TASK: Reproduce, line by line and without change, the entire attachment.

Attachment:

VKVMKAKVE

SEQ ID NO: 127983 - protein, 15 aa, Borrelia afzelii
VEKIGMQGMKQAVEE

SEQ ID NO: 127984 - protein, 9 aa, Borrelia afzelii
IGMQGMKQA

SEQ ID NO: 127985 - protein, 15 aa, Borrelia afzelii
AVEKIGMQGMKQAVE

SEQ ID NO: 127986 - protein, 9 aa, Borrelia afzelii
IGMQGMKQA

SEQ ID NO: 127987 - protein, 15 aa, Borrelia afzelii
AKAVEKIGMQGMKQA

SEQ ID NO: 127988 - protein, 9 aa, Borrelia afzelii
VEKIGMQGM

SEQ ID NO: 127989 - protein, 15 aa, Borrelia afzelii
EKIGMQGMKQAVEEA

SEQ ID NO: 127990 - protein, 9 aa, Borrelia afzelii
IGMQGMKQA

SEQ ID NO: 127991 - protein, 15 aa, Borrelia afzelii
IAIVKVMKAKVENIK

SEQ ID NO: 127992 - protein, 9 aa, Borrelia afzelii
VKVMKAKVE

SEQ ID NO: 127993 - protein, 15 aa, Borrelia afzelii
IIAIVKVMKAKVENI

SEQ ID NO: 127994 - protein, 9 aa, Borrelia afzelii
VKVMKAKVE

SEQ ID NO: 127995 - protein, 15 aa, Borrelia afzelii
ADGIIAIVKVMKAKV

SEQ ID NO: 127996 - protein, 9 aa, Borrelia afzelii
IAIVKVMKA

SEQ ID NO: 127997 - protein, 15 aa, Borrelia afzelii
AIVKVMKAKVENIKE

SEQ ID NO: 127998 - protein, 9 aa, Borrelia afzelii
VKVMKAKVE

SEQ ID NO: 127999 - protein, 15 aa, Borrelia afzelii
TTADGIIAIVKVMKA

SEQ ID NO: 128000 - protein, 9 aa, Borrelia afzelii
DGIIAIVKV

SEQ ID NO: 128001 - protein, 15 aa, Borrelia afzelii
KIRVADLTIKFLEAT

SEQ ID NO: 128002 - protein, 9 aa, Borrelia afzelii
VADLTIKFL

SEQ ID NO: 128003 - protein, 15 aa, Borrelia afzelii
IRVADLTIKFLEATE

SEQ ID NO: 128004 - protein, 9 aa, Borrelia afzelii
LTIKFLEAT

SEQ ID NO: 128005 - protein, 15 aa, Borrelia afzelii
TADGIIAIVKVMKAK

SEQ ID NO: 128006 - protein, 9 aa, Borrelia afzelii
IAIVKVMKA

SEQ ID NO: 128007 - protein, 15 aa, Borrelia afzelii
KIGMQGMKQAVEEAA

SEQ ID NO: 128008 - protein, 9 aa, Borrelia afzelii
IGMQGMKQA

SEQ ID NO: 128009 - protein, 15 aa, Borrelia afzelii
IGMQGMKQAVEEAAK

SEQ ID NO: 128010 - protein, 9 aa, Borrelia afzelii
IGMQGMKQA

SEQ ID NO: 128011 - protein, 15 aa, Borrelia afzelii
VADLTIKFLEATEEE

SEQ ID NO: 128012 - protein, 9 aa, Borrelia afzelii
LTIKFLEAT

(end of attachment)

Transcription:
VKVMKAKVE

SEQ ID NO: 127983 - protein, 15 aa, Borrelia afzelii
VEKIGMQGMKQAVEE

SEQ ID NO: 127984 - protein, 9 aa, Borrelia afzelii
IGMQGMKQA

SEQ ID NO: 127985 - protein, 15 aa, Borrelia afzelii
AVEKIGMQGMKQAVE

SEQ ID NO: 127986 - protein, 9 aa, Borrelia afzelii
IGMQGMKQA

SEQ ID NO: 127987 - protein, 15 aa, Borrelia afzelii
AKAVEKIGMQGMKQA

SEQ ID NO: 127988 - protein, 9 aa, Borrelia afzelii
VEKIGMQGM

SEQ ID NO: 127989 - protein, 15 aa, Borrelia afzelii
EKIGMQGMKQAVEEA

SEQ ID NO: 127990 - protein, 9 aa, Borrelia afzelii
IGMQGMKQA

SEQ ID NO: 127991 - protein, 15 aa, Borrelia afzelii
IAIVKVMKAKVENIK

SEQ ID NO: 127992 - protein, 9 aa, Borrelia afzelii
VKVMKAKVE

SEQ ID NO: 127993 - protein, 15 aa, Borrelia afzelii
IIAIVKVMKAKVENI

SEQ ID NO: 127994 - protein, 9 aa, Borrelia afzelii
VKVMKAKVE

SEQ ID NO: 127995 - protein, 15 aa, Borrelia afzelii
ADGIIAIVKVMKAKV

SEQ ID NO: 127996 - protein, 9 aa, Borrelia afzelii
IAIVKVMKA

SEQ ID NO: 127997 - protein, 15 aa, Borrelia afzelii
AIVKVMKAKVENIKE

SEQ ID NO: 127998 - protein, 9 aa, Borrelia afzelii
VKVMKAKVE

SEQ ID NO: 127999 - protein, 15 aa, Borrelia afzelii
TTADGIIAIVKVMKA

SEQ ID NO: 128000 - protein, 9 aa, Borrelia afzelii
DGIIAIVKV

SEQ ID NO: 128001 - protein, 15 aa, Borrelia afzelii
KIRVADLTIKFLEAT

SEQ ID NO: 128002 - protein, 9 aa, Borrelia afzelii
VADLTIKFL

SEQ ID NO: 128003 - protein, 15 aa, Borrelia afzelii
IRVADLTIKFLEATE

SEQ ID NO: 128004 - protein, 9 aa, Borrelia afzelii
LTIKFLEAT

SEQ ID NO: 128005 - protein, 15 aa, Borrelia afzelii
TADGIIAIVKVMKAK

SEQ ID NO: 128006 - protein, 9 aa, Borrelia afzelii
IAIVKVMKA

SEQ ID NO: 128007 - protein, 15 aa, Borrelia afzelii
KIGMQGMKQAVEEAA

SEQ ID NO: 128008 - protein, 9 aa, Borrelia afzelii
IGMQGMKQA

SEQ ID NO: 128009 - protein, 15 aa, Borrelia afzelii
IGMQGMKQAVEEAAK

SEQ ID NO: 128010 - protein, 9 aa, Borrelia afzelii
IGMQGMKQA

SEQ ID NO: 128011 - protein, 15 aa, Borrelia afzelii
VADLTIKFLEATEEE

SEQ ID NO: 128012 - protein, 9 aa, Borrelia afzelii
LTIKFLEAT